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Homeland stopgap plan faces last-minute White House pushback

Biden administration, Hill Republicans trade barbs on border policy even as talks continue

Sen. Christopher S.  Murphy, D-Conn., speaks about Republicans abandoning the bipartisan border deal during a Feb. 6 press conference.
Sen. Christopher S. Murphy, D-Conn., speaks about Republicans abandoning the bipartisan border deal during a Feb. 6 press conference. (Bill Clark/CQ Roll Call)

The Biden administration is objecting to congressional leaders’ earlier plans to fund Homeland Security appropriations with a stopgap measure through Sept. 30, throwing a wrench into efforts to release the final fiscal 2024 appropriations package Sunday, sources familiar with the delay said. 

The White House’s late ask for an extra $1.56 billion in border-related resources and reluctance to otherwise back the full-year continuing resolution under discussion for DHS was behind the latest hangup, these people said.

However, White House and congressional staff were meeting Sunday to discuss options, and sources said offers are being exchanged as lawmakers continued to work toward a solution.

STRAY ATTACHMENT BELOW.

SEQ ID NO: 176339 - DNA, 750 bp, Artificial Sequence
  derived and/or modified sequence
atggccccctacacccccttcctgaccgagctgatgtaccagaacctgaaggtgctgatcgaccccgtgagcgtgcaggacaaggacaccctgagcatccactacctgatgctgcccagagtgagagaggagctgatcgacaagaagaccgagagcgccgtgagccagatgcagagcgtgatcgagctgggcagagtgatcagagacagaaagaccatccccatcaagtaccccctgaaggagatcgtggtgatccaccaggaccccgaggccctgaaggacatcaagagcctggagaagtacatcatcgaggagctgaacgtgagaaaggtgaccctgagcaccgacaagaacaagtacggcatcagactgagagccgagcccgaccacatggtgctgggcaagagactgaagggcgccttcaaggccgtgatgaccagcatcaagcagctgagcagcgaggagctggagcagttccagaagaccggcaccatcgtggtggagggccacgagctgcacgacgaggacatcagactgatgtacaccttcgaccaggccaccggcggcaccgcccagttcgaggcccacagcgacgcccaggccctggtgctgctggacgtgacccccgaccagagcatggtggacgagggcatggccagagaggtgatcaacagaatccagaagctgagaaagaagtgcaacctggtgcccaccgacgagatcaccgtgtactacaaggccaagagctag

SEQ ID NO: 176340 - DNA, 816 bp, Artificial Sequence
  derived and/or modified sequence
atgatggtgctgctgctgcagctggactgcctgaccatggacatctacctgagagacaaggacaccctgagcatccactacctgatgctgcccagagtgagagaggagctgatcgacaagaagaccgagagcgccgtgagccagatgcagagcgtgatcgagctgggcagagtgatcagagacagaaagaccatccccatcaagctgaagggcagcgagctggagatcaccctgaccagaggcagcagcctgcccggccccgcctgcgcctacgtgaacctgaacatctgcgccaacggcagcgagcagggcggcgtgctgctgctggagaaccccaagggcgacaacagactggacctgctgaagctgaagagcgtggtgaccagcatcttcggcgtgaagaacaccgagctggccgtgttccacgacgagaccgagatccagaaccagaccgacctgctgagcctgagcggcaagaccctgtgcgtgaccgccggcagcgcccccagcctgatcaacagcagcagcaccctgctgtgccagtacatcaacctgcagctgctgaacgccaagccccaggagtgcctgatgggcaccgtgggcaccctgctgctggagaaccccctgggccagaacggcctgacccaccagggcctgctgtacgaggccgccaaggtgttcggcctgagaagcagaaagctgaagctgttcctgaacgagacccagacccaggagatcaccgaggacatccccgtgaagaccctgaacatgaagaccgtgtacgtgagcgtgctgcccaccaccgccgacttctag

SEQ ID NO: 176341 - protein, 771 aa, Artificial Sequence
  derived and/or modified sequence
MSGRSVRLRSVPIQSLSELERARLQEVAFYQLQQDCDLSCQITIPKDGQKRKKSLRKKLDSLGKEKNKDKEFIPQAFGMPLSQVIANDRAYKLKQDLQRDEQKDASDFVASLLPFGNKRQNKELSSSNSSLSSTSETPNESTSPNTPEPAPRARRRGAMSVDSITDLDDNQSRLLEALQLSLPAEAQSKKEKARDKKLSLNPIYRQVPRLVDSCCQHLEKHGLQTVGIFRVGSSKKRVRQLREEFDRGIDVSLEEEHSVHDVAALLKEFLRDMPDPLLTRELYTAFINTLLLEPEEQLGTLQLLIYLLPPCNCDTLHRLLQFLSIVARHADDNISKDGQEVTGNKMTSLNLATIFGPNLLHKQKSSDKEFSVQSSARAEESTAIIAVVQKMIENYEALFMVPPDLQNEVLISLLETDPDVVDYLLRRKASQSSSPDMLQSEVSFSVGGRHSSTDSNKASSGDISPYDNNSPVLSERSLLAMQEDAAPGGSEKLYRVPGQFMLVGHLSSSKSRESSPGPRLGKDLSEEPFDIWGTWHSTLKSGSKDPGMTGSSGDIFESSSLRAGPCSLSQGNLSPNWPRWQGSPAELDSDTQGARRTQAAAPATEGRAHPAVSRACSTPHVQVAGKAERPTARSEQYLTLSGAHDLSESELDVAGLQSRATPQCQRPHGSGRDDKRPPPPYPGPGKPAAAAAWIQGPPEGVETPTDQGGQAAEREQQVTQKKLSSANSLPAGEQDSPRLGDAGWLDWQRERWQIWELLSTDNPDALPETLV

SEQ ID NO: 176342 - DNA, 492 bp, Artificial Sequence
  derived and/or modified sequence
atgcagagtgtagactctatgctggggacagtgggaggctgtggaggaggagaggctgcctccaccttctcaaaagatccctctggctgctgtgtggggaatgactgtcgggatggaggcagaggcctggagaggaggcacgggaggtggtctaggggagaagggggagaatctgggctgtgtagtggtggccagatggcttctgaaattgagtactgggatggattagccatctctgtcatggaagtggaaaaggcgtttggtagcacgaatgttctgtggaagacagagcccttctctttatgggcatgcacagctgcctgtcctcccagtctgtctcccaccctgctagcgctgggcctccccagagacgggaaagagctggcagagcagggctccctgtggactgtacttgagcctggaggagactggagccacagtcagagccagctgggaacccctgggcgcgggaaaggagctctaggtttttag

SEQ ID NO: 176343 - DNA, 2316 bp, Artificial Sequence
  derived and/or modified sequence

Other disputes over “anomalies” for the measure, typically needed in CRs to avoid funding disruptions and address key bipartisan priorities, were also ongoing but were viewed as more resolvable than the Biden administration demand, which a GOP leadership aide described as an “11th-hour” intervention.

The new White House proposal, which Republicans have rejected as not sufficiently tied to border protection and immigration enforcement, was first reported by Politico.  

The delay could be material given a March 22 deadline to get the final, $1.2 trillion-plus wrapup spending bill through both chambers. Some sources familiar with the talks expressed hope the measure could still be posted late Sunday, though there was concern the timetable might be slipping.

If President Joe Biden doesn’t have a bill to sign by next weekend, partial shutdown procedures would begin for agencies covered by the bill. The Senate typically needs at least a couple days to process such bills once they come over from the House. And the House has a rule requiring members get 72 hours notice to review legislation before voting on it, meaning text would need to be posted Sunday in order to vote Wednesday.